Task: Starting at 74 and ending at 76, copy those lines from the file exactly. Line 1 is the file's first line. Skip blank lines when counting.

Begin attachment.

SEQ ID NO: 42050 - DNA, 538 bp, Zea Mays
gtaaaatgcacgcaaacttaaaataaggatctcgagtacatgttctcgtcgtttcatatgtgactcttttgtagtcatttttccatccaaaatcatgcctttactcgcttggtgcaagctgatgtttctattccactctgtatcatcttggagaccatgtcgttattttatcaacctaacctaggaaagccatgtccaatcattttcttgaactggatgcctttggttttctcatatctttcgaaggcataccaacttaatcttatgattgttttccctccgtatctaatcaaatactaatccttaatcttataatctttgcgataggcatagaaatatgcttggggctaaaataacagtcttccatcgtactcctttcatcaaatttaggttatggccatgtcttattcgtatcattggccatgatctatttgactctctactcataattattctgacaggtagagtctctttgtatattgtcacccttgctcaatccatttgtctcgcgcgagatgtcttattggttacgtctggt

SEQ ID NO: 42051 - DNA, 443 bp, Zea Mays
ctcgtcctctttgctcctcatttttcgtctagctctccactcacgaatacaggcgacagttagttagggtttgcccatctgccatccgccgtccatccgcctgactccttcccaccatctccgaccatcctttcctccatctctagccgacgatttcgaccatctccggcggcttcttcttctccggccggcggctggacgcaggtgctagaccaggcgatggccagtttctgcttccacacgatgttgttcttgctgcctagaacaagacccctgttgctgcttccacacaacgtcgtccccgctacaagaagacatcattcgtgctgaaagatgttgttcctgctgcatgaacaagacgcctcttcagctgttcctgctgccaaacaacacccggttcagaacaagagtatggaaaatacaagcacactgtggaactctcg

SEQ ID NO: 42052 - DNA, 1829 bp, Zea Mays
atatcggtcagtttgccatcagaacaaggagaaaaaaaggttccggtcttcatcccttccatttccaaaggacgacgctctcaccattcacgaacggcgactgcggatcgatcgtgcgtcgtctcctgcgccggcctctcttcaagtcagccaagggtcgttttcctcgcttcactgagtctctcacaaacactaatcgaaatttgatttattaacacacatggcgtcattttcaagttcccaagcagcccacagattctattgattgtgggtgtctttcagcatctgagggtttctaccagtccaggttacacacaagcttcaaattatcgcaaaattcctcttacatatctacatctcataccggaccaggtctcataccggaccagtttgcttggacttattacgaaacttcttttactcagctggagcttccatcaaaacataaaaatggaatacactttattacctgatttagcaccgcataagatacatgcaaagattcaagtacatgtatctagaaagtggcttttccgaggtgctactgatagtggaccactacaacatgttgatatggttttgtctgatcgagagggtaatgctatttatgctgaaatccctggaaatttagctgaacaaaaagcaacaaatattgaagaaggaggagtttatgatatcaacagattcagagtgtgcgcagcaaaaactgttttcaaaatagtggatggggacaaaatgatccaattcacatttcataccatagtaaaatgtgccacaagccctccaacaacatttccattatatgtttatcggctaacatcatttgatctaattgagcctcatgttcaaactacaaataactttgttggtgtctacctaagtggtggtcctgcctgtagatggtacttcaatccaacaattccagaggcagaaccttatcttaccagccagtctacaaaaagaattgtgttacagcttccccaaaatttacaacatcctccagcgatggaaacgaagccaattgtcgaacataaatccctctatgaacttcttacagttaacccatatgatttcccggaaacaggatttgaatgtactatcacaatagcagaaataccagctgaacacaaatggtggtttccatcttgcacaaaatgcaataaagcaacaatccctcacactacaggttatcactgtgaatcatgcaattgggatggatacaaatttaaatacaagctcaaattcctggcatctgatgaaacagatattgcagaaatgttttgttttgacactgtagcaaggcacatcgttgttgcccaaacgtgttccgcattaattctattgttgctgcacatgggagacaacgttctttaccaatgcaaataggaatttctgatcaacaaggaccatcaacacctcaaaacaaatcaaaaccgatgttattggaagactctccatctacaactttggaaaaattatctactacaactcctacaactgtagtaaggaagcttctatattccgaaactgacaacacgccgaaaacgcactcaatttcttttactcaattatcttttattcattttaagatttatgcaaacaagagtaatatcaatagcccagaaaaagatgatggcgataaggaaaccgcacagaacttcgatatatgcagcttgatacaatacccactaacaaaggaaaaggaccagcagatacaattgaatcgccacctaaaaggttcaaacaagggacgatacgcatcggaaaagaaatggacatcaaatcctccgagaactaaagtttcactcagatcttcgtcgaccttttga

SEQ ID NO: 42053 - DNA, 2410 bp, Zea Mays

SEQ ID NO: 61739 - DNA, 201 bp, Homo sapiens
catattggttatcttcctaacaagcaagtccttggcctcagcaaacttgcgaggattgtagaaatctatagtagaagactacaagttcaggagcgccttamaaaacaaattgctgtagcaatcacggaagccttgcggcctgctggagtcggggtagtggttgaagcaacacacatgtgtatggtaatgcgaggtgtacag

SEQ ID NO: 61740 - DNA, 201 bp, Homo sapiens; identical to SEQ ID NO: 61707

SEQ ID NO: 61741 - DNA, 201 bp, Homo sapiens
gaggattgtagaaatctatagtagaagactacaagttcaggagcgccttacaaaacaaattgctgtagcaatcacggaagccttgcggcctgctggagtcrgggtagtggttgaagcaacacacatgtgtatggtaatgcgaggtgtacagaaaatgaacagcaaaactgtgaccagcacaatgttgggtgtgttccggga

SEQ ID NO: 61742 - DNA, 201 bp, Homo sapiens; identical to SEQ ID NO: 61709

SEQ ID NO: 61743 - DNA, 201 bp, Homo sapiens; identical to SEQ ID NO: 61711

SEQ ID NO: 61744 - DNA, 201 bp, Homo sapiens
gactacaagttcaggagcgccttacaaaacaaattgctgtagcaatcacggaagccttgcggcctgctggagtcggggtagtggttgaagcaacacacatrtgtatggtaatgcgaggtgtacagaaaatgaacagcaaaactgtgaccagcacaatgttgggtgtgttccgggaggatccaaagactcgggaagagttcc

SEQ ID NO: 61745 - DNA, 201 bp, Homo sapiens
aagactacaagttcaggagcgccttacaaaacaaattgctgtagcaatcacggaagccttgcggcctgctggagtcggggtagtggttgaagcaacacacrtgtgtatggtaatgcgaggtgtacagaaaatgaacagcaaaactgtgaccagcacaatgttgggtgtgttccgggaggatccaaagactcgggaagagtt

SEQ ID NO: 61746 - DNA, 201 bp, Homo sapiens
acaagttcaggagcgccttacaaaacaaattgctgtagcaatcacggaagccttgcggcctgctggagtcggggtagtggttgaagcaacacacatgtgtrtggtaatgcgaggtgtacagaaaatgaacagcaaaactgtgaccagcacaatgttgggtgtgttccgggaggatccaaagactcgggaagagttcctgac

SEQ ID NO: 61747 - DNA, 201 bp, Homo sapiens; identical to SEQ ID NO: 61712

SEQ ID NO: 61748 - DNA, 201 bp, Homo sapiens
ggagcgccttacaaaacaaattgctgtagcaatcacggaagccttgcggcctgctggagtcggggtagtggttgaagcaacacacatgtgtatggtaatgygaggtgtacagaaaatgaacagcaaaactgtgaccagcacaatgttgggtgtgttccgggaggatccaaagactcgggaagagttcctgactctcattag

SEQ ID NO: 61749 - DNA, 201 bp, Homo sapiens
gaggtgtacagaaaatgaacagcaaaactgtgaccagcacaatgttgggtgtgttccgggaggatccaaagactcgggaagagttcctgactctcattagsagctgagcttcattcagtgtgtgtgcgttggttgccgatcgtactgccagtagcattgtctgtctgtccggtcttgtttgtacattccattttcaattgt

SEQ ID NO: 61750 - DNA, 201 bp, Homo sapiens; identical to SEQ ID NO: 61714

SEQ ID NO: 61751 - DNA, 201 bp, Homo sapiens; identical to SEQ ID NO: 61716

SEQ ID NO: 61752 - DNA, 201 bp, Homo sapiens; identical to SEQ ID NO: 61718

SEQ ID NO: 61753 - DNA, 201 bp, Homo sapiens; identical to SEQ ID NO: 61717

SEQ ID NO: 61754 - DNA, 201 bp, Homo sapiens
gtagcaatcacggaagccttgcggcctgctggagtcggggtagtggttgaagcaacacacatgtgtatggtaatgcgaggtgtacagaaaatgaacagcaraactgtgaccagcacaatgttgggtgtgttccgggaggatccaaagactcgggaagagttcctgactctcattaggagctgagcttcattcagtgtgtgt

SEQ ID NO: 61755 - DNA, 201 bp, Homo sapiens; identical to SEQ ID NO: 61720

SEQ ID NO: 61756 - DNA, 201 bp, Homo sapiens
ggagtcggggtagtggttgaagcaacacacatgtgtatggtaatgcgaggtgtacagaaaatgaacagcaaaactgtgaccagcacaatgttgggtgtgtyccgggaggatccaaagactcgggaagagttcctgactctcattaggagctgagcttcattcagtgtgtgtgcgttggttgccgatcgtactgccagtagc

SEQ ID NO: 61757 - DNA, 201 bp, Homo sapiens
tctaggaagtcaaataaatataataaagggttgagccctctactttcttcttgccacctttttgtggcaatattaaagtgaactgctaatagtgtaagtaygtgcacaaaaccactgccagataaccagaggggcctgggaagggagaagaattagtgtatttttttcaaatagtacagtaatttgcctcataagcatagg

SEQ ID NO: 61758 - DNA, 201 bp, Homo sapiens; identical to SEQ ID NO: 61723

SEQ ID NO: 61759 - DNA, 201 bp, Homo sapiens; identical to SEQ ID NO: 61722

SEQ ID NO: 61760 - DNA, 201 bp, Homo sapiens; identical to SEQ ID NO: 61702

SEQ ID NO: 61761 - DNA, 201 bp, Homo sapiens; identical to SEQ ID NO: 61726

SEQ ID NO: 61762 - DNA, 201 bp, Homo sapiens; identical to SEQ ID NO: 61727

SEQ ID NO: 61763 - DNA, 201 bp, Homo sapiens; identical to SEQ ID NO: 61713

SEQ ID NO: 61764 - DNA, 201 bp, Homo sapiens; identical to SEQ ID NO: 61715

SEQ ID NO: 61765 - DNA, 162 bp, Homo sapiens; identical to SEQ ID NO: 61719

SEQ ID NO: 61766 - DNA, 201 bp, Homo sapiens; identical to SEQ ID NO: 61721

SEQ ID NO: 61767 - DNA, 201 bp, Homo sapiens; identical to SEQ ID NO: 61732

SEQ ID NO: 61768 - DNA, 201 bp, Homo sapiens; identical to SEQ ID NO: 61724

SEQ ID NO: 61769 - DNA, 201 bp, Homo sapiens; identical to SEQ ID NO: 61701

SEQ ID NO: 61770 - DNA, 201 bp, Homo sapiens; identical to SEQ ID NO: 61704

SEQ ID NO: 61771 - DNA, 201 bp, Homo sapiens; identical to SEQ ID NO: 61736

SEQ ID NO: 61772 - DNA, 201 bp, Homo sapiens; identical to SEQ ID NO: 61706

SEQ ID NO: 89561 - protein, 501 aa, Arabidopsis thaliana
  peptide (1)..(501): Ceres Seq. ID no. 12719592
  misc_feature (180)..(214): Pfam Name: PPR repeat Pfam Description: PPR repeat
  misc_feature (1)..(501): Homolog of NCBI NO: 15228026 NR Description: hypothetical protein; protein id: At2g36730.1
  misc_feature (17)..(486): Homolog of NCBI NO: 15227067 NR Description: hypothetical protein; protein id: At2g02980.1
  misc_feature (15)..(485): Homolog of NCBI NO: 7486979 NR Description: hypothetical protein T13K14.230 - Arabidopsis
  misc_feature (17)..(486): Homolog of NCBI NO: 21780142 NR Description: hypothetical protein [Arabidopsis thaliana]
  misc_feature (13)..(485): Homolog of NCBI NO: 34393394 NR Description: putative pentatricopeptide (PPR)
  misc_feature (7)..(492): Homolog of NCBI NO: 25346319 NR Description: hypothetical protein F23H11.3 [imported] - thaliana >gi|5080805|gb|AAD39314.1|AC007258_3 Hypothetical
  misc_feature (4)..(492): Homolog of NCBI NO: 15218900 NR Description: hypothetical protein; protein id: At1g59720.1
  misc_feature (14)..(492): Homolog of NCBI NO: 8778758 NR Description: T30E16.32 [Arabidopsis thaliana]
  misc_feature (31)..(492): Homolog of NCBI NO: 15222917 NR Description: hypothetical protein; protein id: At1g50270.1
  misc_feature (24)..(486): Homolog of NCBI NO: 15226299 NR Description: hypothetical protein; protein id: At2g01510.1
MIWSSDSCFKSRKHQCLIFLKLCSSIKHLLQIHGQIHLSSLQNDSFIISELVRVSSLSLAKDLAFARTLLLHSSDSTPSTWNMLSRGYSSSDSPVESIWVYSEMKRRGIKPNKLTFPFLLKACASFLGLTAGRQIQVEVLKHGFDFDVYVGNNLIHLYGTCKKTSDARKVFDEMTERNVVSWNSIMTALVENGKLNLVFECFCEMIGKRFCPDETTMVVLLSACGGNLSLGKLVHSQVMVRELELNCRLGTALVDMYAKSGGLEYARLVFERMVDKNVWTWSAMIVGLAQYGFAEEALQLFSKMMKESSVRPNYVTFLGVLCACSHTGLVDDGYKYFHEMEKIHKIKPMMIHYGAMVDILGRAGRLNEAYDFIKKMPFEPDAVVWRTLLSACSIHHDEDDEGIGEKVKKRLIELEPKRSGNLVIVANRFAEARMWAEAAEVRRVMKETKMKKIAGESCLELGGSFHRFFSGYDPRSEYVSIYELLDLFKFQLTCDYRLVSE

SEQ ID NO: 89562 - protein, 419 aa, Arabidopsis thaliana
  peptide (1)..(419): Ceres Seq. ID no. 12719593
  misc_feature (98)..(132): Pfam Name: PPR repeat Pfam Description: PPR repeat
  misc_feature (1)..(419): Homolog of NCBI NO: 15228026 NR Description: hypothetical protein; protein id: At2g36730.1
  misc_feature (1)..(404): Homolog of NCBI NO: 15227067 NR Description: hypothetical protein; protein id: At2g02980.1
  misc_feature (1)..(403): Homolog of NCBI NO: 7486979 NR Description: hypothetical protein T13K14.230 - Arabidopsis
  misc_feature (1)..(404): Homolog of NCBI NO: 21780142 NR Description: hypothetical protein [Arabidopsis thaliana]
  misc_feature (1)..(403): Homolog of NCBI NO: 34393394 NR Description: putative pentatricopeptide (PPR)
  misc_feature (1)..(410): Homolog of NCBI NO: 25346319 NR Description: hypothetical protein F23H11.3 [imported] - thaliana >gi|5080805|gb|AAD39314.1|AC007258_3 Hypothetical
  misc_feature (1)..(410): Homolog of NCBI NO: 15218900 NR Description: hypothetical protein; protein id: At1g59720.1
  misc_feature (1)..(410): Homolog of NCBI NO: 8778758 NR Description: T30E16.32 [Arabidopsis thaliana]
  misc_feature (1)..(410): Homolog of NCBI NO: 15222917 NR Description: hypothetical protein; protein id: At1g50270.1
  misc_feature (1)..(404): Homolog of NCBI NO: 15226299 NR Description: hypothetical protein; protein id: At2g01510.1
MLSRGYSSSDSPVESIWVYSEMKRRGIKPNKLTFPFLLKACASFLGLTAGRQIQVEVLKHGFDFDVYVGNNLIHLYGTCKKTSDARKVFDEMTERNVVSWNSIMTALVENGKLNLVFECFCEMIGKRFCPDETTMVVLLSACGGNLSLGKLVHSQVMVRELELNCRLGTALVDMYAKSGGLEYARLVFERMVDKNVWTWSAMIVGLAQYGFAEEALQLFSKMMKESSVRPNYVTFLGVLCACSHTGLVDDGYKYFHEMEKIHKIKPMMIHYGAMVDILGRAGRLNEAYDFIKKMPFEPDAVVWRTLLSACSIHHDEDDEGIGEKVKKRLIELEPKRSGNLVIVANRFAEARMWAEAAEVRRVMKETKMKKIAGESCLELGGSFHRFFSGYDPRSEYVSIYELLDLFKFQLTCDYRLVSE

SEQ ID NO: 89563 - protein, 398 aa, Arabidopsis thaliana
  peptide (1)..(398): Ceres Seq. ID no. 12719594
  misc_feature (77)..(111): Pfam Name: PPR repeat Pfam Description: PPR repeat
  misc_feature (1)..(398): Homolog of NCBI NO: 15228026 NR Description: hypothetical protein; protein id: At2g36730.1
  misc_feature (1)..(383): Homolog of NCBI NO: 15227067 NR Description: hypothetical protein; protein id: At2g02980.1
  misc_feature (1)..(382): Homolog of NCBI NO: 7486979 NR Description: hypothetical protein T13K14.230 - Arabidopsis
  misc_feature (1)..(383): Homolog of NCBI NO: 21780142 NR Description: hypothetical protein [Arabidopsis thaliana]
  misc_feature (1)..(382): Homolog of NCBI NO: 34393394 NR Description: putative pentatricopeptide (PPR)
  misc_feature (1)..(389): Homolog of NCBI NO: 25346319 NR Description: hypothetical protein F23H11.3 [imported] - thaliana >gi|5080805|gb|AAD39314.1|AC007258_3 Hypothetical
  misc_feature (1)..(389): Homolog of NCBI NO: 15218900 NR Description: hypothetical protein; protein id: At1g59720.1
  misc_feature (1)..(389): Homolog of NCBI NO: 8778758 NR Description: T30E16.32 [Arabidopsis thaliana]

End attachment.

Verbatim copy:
  misc_feature (1)..(410): Homolog of NCBI NO: 25346319 NR Description: hypothetical protein F23H11.3 [imported] - thaliana >gi|5080805|gb|AAD39314.1|AC007258_3 Hypothetical
  misc_feature (1)..(410): Homolog of NCBI NO: 15218900 NR Description: hypothetical protein; protein id: At1g59720.1
  misc_feature (1)..(410): Homolog of NCBI NO: 8778758 NR Description: T30E16.32 [Arabidopsis thaliana]